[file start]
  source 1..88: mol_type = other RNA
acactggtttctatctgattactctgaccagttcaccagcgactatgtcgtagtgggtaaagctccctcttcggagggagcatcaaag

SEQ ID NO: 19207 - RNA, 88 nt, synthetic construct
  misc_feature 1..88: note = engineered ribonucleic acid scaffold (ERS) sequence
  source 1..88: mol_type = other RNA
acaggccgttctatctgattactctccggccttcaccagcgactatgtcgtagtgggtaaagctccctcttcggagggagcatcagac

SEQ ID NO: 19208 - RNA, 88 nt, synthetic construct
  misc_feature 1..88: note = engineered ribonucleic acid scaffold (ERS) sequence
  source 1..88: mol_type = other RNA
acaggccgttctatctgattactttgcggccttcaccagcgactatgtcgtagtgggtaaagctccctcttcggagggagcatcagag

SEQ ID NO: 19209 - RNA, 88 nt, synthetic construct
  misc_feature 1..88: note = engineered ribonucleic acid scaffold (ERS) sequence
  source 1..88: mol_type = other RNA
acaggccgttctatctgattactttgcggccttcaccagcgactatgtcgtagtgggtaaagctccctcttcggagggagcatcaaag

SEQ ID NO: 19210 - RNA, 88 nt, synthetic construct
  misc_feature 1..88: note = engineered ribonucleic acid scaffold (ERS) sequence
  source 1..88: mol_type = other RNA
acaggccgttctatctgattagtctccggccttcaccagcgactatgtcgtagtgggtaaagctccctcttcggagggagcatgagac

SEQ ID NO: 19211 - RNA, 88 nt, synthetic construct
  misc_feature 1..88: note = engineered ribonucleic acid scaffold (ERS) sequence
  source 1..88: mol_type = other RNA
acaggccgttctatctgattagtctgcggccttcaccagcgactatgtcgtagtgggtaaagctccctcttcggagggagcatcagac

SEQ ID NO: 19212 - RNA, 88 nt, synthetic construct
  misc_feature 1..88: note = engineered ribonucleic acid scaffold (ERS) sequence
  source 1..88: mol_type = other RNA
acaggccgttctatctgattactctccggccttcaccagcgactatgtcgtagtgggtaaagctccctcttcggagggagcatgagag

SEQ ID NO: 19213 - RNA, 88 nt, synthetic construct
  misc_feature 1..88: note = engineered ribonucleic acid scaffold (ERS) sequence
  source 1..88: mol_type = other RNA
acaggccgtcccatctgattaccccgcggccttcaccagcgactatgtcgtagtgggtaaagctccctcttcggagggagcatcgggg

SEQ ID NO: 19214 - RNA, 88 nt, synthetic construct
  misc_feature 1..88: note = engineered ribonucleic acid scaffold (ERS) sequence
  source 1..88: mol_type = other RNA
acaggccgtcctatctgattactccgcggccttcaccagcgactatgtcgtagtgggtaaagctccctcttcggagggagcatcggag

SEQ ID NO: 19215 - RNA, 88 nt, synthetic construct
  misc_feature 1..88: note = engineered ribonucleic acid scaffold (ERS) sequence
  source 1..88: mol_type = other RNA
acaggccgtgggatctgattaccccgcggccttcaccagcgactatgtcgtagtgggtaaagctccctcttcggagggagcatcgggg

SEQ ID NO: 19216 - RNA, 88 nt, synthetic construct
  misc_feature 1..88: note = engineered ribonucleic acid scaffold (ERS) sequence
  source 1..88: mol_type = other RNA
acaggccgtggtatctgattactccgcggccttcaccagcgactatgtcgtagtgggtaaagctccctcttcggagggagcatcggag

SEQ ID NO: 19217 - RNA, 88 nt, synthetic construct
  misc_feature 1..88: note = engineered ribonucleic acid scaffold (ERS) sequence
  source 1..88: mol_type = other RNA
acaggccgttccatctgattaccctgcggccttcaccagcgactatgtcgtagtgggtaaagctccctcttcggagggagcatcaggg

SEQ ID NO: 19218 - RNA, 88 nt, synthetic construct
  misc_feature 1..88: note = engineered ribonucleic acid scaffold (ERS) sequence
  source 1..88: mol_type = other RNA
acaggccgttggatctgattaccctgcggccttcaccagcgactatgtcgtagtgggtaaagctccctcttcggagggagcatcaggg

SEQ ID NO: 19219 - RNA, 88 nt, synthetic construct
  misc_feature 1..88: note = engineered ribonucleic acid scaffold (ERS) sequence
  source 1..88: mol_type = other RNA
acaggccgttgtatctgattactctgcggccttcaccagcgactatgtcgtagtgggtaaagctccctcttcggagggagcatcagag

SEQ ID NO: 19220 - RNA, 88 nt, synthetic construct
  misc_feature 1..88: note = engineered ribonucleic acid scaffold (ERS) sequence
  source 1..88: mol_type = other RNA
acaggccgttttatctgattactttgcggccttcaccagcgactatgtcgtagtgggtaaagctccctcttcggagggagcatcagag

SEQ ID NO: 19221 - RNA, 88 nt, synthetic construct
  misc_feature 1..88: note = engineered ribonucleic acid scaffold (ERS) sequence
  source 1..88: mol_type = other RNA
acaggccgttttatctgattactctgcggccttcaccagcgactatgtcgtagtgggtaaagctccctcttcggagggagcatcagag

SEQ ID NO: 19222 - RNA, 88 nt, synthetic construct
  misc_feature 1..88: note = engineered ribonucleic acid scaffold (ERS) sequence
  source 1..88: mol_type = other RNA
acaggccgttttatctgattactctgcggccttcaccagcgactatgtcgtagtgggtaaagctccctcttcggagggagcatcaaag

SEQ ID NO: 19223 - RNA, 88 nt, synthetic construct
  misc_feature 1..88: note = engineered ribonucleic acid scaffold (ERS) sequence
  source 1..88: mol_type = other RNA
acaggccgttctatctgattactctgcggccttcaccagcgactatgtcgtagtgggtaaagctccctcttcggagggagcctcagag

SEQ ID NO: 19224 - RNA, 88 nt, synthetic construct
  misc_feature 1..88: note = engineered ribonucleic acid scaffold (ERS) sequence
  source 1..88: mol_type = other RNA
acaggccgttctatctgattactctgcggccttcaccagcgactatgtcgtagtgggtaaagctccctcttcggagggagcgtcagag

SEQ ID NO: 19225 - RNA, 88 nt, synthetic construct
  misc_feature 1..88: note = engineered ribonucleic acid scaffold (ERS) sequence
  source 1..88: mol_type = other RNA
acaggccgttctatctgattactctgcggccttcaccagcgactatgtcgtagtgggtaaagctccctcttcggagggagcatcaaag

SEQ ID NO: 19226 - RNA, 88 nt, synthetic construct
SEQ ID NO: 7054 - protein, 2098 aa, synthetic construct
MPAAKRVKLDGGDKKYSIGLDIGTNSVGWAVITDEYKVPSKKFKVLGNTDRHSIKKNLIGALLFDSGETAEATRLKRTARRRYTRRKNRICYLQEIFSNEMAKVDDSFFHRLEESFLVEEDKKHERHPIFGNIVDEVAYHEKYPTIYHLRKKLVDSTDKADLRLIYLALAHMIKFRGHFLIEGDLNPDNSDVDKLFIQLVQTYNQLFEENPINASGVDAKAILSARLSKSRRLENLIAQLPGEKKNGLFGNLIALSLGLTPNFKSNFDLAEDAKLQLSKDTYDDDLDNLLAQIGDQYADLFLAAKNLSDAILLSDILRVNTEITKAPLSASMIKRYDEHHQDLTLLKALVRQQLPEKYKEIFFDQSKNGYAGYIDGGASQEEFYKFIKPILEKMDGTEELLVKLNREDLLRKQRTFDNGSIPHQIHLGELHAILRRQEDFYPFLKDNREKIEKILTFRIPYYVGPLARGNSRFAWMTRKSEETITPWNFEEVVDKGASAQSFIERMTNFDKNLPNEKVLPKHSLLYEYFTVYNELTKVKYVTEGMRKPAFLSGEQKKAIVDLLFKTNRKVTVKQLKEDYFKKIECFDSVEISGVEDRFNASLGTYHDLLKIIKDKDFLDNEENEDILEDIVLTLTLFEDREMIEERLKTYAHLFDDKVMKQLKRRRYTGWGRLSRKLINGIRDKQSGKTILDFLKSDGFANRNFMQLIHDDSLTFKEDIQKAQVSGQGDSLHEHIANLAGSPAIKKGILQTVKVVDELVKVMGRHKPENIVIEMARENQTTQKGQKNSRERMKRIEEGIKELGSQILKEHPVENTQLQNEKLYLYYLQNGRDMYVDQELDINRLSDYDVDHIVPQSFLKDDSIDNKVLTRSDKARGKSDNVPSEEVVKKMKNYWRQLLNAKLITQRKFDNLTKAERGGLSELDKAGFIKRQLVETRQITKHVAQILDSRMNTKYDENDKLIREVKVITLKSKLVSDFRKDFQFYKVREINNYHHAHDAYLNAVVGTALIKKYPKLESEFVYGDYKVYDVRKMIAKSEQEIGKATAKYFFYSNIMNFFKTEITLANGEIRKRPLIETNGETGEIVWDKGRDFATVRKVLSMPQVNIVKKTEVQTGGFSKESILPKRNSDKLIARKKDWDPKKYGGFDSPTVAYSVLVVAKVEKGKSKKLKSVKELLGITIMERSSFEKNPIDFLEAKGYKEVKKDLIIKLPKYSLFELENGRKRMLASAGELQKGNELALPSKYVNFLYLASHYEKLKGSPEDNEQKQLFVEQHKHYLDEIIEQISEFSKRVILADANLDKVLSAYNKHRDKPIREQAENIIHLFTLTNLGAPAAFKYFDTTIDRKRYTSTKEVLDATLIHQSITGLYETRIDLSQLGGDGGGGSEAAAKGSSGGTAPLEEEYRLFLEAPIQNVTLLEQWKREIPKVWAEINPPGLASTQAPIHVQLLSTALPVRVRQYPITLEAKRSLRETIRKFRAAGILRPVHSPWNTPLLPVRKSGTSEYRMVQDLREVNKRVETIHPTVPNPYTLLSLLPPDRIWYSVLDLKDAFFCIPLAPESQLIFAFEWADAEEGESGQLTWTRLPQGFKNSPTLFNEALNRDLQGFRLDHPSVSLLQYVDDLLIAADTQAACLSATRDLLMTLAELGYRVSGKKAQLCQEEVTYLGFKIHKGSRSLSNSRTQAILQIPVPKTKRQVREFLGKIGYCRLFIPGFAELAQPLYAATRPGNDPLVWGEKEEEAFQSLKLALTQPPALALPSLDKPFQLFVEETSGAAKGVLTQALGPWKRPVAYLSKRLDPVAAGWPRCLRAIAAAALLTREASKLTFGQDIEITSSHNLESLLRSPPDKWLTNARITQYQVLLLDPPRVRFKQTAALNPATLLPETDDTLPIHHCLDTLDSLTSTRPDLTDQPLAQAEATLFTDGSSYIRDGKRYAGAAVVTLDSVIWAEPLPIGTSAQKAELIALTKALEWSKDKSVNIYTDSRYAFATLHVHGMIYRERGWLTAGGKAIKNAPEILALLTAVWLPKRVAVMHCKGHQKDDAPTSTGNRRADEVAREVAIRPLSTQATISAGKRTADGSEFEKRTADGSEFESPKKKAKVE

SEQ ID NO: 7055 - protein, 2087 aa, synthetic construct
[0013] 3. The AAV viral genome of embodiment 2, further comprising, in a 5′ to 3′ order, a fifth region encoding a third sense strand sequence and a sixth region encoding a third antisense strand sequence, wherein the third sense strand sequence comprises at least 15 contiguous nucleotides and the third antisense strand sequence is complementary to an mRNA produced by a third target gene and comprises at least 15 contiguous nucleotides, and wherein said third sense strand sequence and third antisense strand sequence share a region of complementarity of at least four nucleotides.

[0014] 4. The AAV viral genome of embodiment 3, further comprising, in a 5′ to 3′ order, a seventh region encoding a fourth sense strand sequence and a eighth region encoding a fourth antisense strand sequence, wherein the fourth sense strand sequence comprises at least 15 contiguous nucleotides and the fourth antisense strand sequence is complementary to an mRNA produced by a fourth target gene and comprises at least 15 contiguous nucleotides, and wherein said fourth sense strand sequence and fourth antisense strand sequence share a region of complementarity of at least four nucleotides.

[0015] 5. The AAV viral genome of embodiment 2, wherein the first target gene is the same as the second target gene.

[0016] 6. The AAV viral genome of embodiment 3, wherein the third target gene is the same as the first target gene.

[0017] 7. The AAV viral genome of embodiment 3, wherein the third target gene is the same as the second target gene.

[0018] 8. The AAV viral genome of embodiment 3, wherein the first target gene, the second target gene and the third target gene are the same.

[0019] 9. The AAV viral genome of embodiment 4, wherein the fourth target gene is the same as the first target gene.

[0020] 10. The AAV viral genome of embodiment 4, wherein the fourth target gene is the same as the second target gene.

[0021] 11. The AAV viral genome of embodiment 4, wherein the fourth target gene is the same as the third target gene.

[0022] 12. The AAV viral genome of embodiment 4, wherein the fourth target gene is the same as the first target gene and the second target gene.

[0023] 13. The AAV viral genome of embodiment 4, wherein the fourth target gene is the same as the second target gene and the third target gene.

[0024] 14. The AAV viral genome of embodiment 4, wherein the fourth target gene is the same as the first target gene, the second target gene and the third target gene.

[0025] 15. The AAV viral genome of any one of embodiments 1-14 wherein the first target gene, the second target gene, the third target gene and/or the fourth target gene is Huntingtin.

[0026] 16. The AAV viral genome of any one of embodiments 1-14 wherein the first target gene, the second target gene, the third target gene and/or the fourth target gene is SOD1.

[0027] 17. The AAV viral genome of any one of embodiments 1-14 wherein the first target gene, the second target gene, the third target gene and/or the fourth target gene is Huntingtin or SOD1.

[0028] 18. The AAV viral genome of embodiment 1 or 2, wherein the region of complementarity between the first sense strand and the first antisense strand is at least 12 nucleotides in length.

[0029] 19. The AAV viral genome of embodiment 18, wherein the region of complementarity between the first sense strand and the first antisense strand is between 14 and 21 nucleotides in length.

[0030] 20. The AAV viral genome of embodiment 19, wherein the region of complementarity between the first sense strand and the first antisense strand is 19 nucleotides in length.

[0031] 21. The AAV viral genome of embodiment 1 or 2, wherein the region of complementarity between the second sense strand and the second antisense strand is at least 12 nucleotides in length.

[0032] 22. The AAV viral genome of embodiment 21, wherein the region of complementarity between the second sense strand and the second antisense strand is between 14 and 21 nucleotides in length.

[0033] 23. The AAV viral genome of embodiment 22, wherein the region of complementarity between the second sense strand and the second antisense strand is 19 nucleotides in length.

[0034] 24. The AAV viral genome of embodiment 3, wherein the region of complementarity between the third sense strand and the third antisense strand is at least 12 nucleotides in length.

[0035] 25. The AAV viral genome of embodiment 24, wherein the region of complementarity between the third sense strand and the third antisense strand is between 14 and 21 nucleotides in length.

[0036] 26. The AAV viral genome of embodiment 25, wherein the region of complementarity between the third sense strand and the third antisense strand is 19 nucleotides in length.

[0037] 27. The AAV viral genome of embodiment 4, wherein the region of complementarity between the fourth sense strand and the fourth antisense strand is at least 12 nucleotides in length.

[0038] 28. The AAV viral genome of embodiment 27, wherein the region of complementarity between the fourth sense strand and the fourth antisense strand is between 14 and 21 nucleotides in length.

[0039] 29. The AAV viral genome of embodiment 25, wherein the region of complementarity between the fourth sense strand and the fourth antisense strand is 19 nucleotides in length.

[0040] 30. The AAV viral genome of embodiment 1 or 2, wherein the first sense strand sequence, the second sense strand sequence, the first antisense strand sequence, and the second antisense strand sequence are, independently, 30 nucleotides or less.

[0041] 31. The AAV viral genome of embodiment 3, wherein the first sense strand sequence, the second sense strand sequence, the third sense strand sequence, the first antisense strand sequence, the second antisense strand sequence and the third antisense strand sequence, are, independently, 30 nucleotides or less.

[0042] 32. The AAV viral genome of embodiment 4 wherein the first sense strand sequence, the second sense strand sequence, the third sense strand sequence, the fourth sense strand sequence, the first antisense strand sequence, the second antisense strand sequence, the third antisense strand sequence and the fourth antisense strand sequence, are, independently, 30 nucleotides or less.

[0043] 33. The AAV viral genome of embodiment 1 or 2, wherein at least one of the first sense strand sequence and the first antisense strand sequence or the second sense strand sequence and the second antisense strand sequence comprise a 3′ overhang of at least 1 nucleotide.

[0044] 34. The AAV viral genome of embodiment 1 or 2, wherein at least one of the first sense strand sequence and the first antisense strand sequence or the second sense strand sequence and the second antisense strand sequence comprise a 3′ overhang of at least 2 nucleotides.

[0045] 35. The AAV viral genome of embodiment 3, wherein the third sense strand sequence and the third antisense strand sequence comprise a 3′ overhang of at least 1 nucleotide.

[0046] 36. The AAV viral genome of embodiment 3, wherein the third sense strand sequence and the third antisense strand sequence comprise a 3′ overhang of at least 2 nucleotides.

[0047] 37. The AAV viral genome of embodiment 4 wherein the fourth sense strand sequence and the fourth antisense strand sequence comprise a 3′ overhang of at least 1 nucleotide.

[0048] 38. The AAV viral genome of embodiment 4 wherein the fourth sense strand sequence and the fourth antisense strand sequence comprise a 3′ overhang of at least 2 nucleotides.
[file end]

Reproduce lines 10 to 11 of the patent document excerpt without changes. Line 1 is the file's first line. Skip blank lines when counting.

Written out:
acaggccgttctatctgattactttgcggccttcaccagcgactatgtcgtagtgggtaaagctccctcttcggagggagcatcagag

SEQ ID NO: 19209 - RNA, 88 nt, synthetic construct